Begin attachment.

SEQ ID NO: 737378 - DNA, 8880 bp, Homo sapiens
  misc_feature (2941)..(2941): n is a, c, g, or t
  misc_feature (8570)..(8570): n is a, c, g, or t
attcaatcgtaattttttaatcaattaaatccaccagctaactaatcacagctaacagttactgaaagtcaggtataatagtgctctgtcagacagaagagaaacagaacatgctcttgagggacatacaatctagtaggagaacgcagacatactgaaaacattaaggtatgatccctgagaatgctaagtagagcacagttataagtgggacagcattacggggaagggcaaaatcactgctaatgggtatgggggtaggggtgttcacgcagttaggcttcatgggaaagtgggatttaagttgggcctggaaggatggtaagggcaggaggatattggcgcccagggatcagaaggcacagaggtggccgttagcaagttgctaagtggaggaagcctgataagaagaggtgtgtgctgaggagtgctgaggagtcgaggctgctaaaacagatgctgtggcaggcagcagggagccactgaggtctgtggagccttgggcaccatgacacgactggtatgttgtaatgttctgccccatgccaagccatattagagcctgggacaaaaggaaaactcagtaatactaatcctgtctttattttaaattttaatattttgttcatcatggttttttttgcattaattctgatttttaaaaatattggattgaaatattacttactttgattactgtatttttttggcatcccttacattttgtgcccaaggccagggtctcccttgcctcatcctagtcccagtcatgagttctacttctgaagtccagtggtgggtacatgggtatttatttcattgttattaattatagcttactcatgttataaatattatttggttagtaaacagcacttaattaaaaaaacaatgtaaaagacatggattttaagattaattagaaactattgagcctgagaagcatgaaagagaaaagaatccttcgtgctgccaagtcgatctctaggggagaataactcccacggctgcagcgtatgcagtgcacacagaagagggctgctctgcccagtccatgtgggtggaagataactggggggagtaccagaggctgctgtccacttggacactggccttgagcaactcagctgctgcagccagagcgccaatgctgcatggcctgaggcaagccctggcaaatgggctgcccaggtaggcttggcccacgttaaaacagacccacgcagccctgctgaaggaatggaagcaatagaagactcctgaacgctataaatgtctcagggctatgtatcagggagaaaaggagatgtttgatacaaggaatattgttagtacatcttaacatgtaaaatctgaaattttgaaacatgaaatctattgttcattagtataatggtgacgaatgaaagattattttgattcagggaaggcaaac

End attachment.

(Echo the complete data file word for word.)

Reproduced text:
SEQ ID NO: 737378 - DNA, 8880 bp, Homo sapiens
  misc_feature (2941)..(2941): n is a, c, g, or t
  misc_feature (8570)..(8570): n is a, c, g, or t
attcaatcgtaattttttaatcaattaaatccaccagctaactaatcacagctaacagttactgaaagtcaggtataatagtgctctgtcagacagaagagaaacagaacatgctcttgagggacatacaatctagtaggagaacgcagacatactgaaaacattaaggtatgatccctgagaatgctaagtagagcacagttataagtgggacagcattacggggaagggcaaaatcactgctaatgggtatgggggtaggggtgttcacgcagttaggcttcatgggaaagtgggatttaagttgggcctggaaggatggtaagggcaggaggatattggcgcccagggatcagaaggcacagaggtggccgttagcaagttgctaagtggaggaagcctgataagaagaggtgtgtgctgaggagtgctgaggagtcgaggctgctaaaacagatgctgtggcaggcagcagggagccactgaggtctgtggagccttgggcaccatgacacgactggtatgttgtaatgttctgccccatgccaagccatattagagcctgggacaaaaggaaaactcagtaatactaatcctgtctttattttaaattttaatattttgttcatcatggttttttttgcattaattctgatttttaaaaatattggattgaaatattacttactttgattactgtatttttttggcatcccttacattttgtgcccaaggccagggtctcccttgcctcatcctagtcccagtcatgagttctacttctgaagtccagtggtgggtacatgggtatttatttcattgttattaattatagcttactcatgttataaatattatttggttagtaaacagcacttaattaaaaaaacaatgtaaaagacatggattttaagattaattagaaactattgagcctgagaagcatgaaagagaaaagaatccttcgtgctgccaagtcgatctctaggggagaataactcccacggctgcagcgtatgcagtgcacacagaagagggctgctctgcccagtccatgtgggtggaagataactggggggagtaccagaggctgctgtccacttggacactggccttgagcaactcagctgctgcagccagagcgccaatgctgcatggcctgaggcaagccctggcaaatgggctgcccaggtaggcttggcccacgttaaaacagacccacgcagccctgctgaaggaatggaagcaatagaagactcctgaacgctataaatgtctcagggctatgtatcagggagaaaaggagatgtttgatacaaggaatattgttagtacatcttaacatgtaaaatctgaaattttgaaacatgaaatctattgttcattagtataatggtgacgaatgaaagattattttgattcagggaaggcaaac